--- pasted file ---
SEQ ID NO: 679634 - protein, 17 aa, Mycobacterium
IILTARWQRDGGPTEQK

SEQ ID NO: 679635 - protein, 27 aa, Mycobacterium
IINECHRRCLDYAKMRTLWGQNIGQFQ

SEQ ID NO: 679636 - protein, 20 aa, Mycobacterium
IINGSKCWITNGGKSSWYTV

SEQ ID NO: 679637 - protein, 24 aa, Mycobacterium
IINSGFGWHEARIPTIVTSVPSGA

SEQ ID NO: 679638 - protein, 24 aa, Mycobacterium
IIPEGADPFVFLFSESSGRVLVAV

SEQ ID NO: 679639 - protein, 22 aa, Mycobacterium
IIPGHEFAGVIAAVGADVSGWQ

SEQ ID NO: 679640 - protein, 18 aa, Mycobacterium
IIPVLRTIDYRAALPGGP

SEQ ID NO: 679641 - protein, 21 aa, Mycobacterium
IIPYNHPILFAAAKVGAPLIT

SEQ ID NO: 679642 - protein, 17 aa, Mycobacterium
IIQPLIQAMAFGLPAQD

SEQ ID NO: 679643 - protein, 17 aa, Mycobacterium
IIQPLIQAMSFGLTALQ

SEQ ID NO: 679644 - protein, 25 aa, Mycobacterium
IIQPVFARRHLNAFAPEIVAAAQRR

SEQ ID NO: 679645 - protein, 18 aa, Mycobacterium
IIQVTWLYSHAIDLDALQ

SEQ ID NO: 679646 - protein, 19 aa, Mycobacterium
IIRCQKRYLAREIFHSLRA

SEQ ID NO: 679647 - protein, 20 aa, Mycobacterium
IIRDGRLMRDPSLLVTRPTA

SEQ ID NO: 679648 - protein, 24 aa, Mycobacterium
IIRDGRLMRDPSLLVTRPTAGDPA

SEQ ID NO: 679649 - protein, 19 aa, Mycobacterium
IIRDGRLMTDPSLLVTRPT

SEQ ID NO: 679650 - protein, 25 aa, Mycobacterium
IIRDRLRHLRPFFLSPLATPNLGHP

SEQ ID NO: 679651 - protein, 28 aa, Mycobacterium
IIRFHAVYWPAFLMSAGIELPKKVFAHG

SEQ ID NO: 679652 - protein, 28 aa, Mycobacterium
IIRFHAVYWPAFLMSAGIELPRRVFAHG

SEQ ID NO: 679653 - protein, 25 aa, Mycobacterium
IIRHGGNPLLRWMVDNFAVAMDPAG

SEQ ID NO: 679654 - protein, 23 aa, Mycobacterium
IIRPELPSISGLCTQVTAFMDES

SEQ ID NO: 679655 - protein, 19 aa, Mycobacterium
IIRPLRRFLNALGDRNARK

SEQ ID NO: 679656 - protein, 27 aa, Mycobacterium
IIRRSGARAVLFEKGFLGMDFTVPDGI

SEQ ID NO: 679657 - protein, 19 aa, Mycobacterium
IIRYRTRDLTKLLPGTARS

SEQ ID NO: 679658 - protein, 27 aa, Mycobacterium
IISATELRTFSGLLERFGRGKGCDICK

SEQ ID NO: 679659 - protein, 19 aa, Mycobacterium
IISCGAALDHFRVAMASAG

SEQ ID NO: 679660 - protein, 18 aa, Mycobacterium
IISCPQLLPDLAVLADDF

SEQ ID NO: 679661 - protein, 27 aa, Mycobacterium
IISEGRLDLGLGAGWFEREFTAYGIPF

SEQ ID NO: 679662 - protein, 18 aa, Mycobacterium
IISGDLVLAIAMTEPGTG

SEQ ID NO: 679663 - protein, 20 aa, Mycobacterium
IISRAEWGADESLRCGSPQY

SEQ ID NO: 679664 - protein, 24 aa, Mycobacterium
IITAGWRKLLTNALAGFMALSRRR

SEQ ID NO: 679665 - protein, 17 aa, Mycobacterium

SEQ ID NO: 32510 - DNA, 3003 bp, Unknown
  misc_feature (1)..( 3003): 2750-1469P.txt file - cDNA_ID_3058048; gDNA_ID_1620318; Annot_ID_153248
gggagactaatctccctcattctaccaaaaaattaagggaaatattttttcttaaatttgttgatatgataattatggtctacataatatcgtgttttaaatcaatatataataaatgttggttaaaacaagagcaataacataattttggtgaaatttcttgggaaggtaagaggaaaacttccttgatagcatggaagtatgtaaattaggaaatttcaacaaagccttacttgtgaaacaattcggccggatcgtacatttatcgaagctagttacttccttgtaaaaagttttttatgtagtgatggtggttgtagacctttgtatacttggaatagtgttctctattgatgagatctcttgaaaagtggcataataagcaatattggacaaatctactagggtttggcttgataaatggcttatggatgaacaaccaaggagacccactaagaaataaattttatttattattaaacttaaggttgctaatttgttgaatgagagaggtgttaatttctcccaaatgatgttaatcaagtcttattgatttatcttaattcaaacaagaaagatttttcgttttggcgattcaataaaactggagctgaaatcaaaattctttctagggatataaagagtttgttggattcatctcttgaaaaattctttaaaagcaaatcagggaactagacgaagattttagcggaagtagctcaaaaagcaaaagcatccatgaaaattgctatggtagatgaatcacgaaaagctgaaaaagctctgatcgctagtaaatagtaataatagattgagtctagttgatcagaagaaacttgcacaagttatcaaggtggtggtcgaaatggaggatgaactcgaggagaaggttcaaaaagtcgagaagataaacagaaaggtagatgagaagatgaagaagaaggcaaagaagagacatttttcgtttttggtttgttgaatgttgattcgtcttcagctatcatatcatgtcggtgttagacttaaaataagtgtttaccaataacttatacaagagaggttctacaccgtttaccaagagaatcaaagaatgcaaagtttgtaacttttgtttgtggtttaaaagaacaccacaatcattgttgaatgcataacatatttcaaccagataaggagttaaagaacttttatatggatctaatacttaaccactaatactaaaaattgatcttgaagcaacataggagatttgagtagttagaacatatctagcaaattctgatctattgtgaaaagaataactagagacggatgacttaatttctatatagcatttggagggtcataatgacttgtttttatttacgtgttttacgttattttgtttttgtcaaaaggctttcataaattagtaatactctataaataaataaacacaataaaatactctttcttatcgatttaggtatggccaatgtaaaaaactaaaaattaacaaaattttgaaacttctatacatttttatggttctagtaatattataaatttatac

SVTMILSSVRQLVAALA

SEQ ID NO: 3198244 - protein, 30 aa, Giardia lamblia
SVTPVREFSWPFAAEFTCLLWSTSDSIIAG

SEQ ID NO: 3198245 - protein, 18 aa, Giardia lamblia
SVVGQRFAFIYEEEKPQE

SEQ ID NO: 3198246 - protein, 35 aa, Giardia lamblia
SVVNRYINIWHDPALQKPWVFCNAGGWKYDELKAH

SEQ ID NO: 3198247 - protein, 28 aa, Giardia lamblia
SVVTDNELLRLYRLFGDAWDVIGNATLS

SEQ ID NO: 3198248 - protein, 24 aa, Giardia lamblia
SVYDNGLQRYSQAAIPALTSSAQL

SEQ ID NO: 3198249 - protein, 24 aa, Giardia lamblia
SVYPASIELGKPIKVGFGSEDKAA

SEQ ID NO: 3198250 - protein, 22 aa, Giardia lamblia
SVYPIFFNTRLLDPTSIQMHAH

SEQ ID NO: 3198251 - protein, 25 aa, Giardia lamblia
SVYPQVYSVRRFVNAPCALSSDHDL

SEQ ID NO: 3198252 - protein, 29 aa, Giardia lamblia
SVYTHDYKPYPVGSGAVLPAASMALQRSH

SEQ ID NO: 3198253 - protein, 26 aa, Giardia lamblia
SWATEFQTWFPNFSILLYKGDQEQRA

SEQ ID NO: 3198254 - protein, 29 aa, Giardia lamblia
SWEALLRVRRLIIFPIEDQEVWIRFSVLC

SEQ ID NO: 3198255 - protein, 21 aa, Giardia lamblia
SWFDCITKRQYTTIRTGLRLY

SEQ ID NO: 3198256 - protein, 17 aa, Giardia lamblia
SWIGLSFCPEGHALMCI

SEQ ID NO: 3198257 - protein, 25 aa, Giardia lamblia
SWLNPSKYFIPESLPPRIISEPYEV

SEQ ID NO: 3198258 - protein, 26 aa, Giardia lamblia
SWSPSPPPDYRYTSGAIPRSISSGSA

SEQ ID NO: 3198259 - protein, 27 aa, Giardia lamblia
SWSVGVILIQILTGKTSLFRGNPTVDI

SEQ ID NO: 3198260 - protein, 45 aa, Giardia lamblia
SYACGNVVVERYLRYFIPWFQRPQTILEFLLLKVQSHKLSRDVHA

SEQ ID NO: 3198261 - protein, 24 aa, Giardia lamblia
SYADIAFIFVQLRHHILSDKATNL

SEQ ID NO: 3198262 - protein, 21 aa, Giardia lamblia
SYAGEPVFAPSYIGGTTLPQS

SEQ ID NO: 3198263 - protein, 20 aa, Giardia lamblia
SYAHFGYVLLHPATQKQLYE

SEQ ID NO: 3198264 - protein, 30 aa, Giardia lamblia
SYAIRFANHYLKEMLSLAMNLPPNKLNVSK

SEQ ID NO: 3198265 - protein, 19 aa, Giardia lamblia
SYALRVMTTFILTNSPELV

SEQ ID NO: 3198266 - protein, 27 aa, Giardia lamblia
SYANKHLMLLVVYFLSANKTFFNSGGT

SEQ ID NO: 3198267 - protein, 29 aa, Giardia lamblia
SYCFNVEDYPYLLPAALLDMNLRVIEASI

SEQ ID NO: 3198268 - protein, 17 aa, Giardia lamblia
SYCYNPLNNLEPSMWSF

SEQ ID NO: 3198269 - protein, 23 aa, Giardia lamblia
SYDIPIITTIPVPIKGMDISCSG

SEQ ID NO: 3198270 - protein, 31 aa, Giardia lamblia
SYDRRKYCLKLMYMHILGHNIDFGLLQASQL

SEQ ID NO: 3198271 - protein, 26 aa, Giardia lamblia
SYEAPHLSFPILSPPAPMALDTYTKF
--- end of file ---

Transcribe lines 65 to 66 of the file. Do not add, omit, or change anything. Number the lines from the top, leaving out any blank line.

  misc_feature (1)..( 3003): 2750-1469P.txt file - cDNA_ID_3058048; gDNA_ID_1620318; Annot_ID_153248
gggagactaatctccctcattctaccaaaaaattaagggaaatattttttcttaaatttgttgatatgataattatggtctacataatatcgtgttttaaatcaatatataataaatgttggttaaaacaagagcaataacataattttggtgaaatttcttgggaaggtaagaggaaaacttccttgatagcatggaagtatgtaaattaggaaatttcaacaaagccttacttgtgaaacaattcggccggatcgtacatttatcgaagctagttacttccttgtaaaaagttttttatgtagtgatggtggttgtagacctttgtatacttggaatagtgttctctattgatgagatctcttgaaaagtggcataataagcaatattggacaaatctactagggtttggcttgataaatggcttatggatgaacaaccaaggagacccactaagaaataaattttatttattattaaacttaaggttgctaatttgttgaatgagagaggtgttaatttctcccaaatgatgttaatcaagtcttattgatttatcttaattcaaacaagaaagatttttcgttttggcgattcaataaaactggagctgaaatcaaaattctttctagggatataaagagtttgttggattcatctcttgaaaaattctttaaaagcaaatcagggaactagacgaagattttagcggaagtagctcaaaaagcaaaagcatccatgaaaattgctatggtagatgaatcacgaaaagctgaaaaagctctgatcgctagtaaatagtaataatagattgagtctagttgatcagaagaaacttgcacaagttatcaaggtggtggtcgaaatggaggatgaactcgaggagaaggttcaaaaagtcgagaagataaacagaaaggtagatgagaagatgaagaagaaggcaaagaagagacatttttcgtttttggtttgttgaatgttgattcgtcttcagctatcatatcatgtcggtgttagacttaaaataagtgtttaccaataacttatacaagagaggttctacaccgtttaccaagagaatcaaagaatgcaaagtttgtaacttttgtttgtggtttaaaagaacaccacaatcattgttgaatgcataacatatttcaaccagataaggagttaaagaacttttatatggatctaatacttaaccactaatactaaaaattgatcttgaagcaacataggagatttgagtagttagaacatatctagcaaattctgatctattgtgaaaagaataactagagacggatgacttaatttctatatagcatttggagggtcataatgacttgtttttatttacgtgttttacgttattttgtttttgtcaaaaggctttcataaattagtaatactctataaataaataaacacaataaaatactctttcttatcgatttaggtatggccaatgtaaaaaactaaaaattaacaaaattttgaaacttctatacatttttatggttctagtaatattataaatttatac